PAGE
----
Day 1 in Haiti

We walk off the cool plane into the blistering Haiti heat. Just a second later, however, we were saved by the lovely music of an all male Haitian band in the cool airport. As we arrived at baggage claim, men in red shirts surrounded us offering their assistance in exchange for a bit of money. It is difficult to arrive in a new country—unaware of the culture and mannerisms. We make our way to the bus with our local JDC associate, Jerry, our guide, Cyril, and our driver and security guard. Safety and sense of security overwhelm us all.

We are off to lunch at first at a beautiful restaurant with a sky blue pool. Buffet style (as it seems most of our meals are). Fresh lettuce, tomatoes, and avocado make the perfect start to our Haitian cuisine. And of course, there is rice and beans, and some fish, and meat. After filling ourselves, we scurry back to the bus toward a small building (similar to a wooden or clay shack) just outside of Port-au-Prince. I think we were all a bit confused about what this building could be until a man in a bright orange shirt that read “Afya” appeared.

Afya means “good health” in Swahili. They are an organization that collects, sorts and effectively ships medical, recreational, office, and other needed supplies to developing nations. Our personal Afya guide explains the purpose of Afya and its work in Haiti. They have created physical rehabilitation centers in a few locations throughout Haiti. Afya supplies the resources and trains technicians to treat the disabled; they also encourage them to create their own inventions to help patients to provide sustainability to the facilities.

We saw a homemade hand splint, a wheel attached to a wall to help with elbow and shoulder exercises, and a contraption meant to stretch one’s fingers. The tech showed us how the hand splint was used; he handled his patient with such care it was heart-warming. We then got a chance to ask the patients some questions and all we received was praise toward the wonderful changes Afya had supported in their lives. People with disabilities may be ignored, or even shunned from their families and communities here, so Afya allows them to rebuild their lives, and continue on in a meaningful way. Each of us left the clinic in such amazement by the wonders that occurred among such distress.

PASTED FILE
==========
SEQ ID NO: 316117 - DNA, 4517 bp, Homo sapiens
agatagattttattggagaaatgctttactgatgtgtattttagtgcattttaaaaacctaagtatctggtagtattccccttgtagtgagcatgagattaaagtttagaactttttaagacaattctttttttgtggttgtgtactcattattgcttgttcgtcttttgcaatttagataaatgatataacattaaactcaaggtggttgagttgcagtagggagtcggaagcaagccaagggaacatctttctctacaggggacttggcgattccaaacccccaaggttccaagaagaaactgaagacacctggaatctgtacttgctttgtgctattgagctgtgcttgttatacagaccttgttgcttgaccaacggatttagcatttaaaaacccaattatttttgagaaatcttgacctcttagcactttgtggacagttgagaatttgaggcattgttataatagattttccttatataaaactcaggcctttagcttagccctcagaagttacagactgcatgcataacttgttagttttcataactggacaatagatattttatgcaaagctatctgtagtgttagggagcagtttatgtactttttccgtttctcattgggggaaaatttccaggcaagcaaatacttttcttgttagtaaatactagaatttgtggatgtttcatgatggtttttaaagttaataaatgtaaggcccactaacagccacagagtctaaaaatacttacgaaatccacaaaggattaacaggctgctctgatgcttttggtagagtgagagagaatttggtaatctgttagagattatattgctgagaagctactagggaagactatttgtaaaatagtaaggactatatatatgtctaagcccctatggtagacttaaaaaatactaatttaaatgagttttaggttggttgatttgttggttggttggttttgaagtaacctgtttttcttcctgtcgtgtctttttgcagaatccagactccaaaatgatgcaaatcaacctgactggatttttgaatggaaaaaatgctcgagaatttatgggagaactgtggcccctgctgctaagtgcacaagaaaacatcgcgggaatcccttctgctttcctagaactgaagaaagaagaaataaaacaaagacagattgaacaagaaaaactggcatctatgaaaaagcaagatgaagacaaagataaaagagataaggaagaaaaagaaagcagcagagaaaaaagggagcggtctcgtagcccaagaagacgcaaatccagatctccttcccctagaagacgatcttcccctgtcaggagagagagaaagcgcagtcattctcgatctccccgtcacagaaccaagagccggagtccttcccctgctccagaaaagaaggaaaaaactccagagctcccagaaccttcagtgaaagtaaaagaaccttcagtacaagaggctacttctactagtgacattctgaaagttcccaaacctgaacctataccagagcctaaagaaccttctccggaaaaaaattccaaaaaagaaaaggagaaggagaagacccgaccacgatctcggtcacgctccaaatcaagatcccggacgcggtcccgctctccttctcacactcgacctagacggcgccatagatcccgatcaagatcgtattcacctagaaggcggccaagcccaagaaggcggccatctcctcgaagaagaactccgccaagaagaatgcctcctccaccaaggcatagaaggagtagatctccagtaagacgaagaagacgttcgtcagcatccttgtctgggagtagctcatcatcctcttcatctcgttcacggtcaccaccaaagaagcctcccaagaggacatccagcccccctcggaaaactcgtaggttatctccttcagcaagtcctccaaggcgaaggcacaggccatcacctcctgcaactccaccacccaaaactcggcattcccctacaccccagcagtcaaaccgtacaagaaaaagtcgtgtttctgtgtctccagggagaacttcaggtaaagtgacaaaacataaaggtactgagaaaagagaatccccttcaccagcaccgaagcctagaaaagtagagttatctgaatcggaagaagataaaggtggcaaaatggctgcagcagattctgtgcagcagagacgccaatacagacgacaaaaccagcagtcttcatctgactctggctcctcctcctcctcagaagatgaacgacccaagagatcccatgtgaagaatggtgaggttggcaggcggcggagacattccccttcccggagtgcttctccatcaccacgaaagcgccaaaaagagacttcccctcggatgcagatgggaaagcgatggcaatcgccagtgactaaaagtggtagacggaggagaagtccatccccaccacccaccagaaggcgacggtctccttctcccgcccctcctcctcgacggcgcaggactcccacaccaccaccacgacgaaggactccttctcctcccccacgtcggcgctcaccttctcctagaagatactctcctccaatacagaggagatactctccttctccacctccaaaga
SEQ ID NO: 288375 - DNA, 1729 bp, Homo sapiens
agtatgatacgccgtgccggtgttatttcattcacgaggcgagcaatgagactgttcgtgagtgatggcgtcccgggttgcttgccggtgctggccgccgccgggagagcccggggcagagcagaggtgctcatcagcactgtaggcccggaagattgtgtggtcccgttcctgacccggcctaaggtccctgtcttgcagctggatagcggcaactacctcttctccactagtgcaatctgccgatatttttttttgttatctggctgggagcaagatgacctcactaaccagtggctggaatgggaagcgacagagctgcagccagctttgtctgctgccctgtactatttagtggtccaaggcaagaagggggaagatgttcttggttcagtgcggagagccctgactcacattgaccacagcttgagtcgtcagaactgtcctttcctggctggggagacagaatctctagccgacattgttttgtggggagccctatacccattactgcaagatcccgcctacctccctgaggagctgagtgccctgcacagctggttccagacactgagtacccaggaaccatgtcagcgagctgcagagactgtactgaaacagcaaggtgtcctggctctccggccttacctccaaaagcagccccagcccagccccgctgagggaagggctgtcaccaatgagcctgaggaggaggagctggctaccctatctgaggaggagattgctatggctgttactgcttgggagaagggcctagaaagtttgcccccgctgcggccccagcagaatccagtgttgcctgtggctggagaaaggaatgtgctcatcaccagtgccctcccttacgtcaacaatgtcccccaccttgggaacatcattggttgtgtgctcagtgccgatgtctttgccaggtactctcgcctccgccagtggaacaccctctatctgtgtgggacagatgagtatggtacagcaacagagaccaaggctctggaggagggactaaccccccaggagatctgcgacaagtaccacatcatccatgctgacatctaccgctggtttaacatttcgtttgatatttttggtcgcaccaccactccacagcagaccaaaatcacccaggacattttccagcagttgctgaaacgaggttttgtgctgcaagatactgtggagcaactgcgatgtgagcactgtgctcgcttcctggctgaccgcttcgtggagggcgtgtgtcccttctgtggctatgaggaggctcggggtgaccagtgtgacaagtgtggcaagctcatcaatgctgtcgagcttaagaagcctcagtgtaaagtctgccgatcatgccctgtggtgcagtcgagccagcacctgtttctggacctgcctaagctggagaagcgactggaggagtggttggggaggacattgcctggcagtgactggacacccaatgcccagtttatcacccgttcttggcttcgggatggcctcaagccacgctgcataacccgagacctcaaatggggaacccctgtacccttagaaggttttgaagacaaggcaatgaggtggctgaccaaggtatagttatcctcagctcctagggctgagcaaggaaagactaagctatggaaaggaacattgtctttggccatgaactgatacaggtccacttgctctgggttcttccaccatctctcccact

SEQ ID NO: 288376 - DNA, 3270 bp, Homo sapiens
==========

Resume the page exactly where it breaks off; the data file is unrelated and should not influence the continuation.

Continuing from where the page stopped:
We then went on a tour of Port-au-Prince.  Behind a fence stood the Parliament before the earthquake.  But now, nothing remained but an empty piece of land.  It is amazing what a natural disaster can do.  But it was cleaned up well enough that having not been informed, one wouldn’t have guessed anything was missing.

Across from this was the most famous statue in Haiti: a man with his lips on a conch shell.  And next to this statue was the “eternal light;” it is always burning.  It reminded me of the eternal light that is ever-burning above the ark in a synagogue.  Through the van windows we saw many school children, all in uniforms, a private Catholic school, and many street-vendor-like stands.  Also, we saw peoples’ homes.  They are so different relative to those we are accustomed to, and beautiful in their own way, despite the lack of adornments and paint.  We passed what looked like a village community filled with many small homes boarded with metal and sheets for ceilings and walls.  This is completely different to the majority of homes we see on a daily basis in the United States but it is important for people to see how people exist and are so self-sufficient and make the best of life with what they have and are given.

Next, we went to the hotel and some people went swimming.  Then we showered (which felt so nice because it is so hot here!) and went to dinner with Maryse, the president of PRODEV.  The food has been very good!  A lot of rice and beans, though they are not a traditional Hatian staple, according to Cyril.  Also for dinner, we had fish, chicken, cooked vegetables, salad, and orange potato-tasting vegetables.  It was a great first day and looking forward to the rest of our time here!

Written By

May 21, 2013 at 10:24 PM




bg page